A: If you were unable to find specific information you were seeking, there are two possibilities: (1) it is there but you did not find it, or (2) it is not there to find. Try using several different techniques to locate information--i.e., use the subject tree, use the alphabetical index, and do a full-text search. If you still cannot find what you are seeking, it is probably not yet contained in MathWorld. If this is the case, try looking up one of the references given at the end of a related article.

If you feel the information you are seeking should be added to MathWorld, please consider helping make this happen by becoming a contributor.

Q: Can I hire you as a consultant on mathematics?
A: Wolfram Research maintains a list of people who consult on mathematical topics, particularly those involving the use of Mathematica. Please see this page for additional information. The maintainers of MathWorld do not act as consultants.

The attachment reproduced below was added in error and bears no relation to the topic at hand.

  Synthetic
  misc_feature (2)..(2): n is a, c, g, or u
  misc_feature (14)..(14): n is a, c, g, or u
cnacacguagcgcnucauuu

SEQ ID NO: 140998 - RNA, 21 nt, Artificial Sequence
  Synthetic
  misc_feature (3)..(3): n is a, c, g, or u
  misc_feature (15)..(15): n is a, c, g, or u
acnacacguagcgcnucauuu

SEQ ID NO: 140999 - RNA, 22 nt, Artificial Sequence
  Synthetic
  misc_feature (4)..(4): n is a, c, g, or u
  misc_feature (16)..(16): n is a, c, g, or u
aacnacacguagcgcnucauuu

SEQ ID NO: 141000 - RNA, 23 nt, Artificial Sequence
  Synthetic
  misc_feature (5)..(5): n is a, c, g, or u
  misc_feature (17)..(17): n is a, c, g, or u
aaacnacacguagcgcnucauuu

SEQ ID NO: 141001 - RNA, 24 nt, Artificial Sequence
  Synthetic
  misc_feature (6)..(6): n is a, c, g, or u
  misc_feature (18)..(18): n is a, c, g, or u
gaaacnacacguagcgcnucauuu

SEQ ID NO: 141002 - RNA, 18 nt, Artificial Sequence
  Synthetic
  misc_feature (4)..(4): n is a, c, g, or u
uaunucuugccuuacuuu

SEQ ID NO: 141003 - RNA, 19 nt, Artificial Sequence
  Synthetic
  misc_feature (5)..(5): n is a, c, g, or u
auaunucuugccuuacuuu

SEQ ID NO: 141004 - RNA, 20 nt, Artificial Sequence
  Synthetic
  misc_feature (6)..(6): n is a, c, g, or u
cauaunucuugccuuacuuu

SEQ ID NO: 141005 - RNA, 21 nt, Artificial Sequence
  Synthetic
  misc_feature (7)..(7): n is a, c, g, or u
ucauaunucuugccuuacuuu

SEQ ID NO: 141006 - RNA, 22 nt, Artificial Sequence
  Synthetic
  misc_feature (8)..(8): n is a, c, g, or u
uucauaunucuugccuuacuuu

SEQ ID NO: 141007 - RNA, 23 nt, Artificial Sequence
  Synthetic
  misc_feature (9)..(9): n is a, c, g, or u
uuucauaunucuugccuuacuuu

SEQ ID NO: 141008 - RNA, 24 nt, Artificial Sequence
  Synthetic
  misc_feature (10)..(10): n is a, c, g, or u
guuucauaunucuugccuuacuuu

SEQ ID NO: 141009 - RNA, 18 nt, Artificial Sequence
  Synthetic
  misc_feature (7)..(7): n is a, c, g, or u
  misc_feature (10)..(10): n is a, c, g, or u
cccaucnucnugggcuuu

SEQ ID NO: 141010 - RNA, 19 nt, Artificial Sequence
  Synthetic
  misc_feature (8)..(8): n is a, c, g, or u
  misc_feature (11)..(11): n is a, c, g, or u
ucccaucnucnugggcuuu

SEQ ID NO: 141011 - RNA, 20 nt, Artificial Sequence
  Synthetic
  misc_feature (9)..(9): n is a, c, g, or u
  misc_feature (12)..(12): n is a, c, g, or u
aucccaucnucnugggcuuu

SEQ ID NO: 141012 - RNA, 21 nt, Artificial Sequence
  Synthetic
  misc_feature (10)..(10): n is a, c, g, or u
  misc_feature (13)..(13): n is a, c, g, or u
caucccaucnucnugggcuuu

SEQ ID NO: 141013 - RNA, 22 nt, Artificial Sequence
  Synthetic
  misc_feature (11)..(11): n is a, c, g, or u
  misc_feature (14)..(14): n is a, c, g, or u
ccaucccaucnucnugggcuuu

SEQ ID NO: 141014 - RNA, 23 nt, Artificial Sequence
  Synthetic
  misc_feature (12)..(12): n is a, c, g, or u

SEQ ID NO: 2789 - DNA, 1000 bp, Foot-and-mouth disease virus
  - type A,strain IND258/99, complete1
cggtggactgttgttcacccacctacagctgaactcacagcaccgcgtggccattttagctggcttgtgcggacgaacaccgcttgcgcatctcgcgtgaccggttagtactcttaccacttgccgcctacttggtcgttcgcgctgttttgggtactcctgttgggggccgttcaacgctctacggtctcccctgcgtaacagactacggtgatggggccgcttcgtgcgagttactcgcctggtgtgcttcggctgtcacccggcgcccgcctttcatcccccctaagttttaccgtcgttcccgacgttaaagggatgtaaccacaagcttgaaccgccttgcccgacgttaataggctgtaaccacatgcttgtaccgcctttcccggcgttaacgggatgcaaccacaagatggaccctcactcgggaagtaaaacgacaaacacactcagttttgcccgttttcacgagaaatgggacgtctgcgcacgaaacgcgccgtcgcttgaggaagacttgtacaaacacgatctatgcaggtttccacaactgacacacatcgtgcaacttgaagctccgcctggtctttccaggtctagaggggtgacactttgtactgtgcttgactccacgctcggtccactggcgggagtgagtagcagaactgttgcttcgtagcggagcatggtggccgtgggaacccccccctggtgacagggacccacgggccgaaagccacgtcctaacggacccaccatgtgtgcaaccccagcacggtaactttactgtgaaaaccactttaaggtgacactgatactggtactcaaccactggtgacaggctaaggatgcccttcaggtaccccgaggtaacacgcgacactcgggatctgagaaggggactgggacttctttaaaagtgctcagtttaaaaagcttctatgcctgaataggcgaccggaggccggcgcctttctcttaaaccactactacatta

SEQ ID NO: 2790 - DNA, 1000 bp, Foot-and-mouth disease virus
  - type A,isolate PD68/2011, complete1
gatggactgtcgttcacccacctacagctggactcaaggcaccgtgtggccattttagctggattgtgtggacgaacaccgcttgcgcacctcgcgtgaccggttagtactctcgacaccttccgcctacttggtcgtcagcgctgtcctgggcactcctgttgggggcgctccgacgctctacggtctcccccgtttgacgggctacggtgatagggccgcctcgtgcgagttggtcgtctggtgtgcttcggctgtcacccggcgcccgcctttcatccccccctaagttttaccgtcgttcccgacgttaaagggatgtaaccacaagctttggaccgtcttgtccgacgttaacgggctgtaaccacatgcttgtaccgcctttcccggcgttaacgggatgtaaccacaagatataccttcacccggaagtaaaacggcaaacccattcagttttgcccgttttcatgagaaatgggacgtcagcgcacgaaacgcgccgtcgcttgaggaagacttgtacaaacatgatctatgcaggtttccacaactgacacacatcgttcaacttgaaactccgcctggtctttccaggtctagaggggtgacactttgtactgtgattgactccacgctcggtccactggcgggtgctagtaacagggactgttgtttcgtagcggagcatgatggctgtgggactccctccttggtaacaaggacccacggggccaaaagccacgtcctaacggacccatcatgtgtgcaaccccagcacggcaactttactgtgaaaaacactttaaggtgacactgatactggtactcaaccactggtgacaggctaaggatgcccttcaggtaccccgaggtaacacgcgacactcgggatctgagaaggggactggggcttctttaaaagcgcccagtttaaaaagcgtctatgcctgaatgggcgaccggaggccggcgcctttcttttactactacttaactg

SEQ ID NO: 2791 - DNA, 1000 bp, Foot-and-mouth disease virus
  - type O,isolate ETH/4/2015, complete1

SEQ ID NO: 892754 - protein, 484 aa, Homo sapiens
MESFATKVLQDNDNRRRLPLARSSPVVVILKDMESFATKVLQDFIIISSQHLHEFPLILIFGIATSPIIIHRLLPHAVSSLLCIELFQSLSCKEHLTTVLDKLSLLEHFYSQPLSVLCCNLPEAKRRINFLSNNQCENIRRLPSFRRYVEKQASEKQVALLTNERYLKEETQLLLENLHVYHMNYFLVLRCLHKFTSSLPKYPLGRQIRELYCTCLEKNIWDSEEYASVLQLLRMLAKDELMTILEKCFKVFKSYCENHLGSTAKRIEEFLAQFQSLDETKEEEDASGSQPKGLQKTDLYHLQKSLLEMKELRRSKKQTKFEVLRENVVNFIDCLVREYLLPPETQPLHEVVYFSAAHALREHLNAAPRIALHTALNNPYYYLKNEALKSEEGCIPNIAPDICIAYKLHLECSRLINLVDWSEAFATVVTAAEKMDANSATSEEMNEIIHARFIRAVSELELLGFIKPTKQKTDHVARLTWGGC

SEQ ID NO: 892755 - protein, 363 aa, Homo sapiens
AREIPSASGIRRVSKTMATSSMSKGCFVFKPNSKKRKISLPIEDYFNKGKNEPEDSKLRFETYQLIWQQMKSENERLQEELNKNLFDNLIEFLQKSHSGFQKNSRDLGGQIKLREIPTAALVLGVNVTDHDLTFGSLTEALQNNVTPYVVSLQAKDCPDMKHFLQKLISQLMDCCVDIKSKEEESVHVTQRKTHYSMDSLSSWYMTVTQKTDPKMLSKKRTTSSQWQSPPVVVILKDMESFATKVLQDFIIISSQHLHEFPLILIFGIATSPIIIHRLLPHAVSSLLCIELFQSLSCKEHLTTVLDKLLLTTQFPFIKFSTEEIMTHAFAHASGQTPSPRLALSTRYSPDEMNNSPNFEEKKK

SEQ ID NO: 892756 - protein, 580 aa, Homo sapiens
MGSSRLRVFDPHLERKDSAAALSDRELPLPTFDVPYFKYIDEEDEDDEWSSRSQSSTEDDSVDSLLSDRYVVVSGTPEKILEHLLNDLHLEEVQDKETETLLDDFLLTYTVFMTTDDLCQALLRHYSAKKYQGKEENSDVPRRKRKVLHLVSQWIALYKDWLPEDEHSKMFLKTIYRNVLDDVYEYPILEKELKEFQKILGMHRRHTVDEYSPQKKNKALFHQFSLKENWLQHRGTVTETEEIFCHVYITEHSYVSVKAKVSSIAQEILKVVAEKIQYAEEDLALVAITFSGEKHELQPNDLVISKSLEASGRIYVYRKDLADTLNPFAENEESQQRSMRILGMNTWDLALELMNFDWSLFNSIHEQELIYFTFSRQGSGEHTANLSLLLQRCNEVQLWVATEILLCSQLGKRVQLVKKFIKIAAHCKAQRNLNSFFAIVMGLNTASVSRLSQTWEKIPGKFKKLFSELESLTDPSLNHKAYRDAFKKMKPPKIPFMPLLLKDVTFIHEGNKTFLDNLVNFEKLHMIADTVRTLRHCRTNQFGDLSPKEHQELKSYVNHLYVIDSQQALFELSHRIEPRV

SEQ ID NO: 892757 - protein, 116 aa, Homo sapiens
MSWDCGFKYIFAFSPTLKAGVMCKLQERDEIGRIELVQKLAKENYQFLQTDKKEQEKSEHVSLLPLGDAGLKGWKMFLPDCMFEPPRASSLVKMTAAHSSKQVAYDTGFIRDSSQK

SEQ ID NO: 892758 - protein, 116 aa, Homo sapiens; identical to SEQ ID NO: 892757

Q: Can you suggest student projects based on MathWorld?
A: There are many interesting unsolved problems in mathematics that could be investigated as part of a student project. As a starting point, you may wish to visit the page on unsolved problems, which gives a few examples and also gives many pointers to internet websites and published books dealing with problems in mathematics, or the alphabetical list of unsolved problems on this site. Of course, many individual entries in MathWorld contain material that could be expanded and generalized by the enterprising student.

You may also be interested in MathWorld's pages about mathematics contests and problems involving monetary prizes.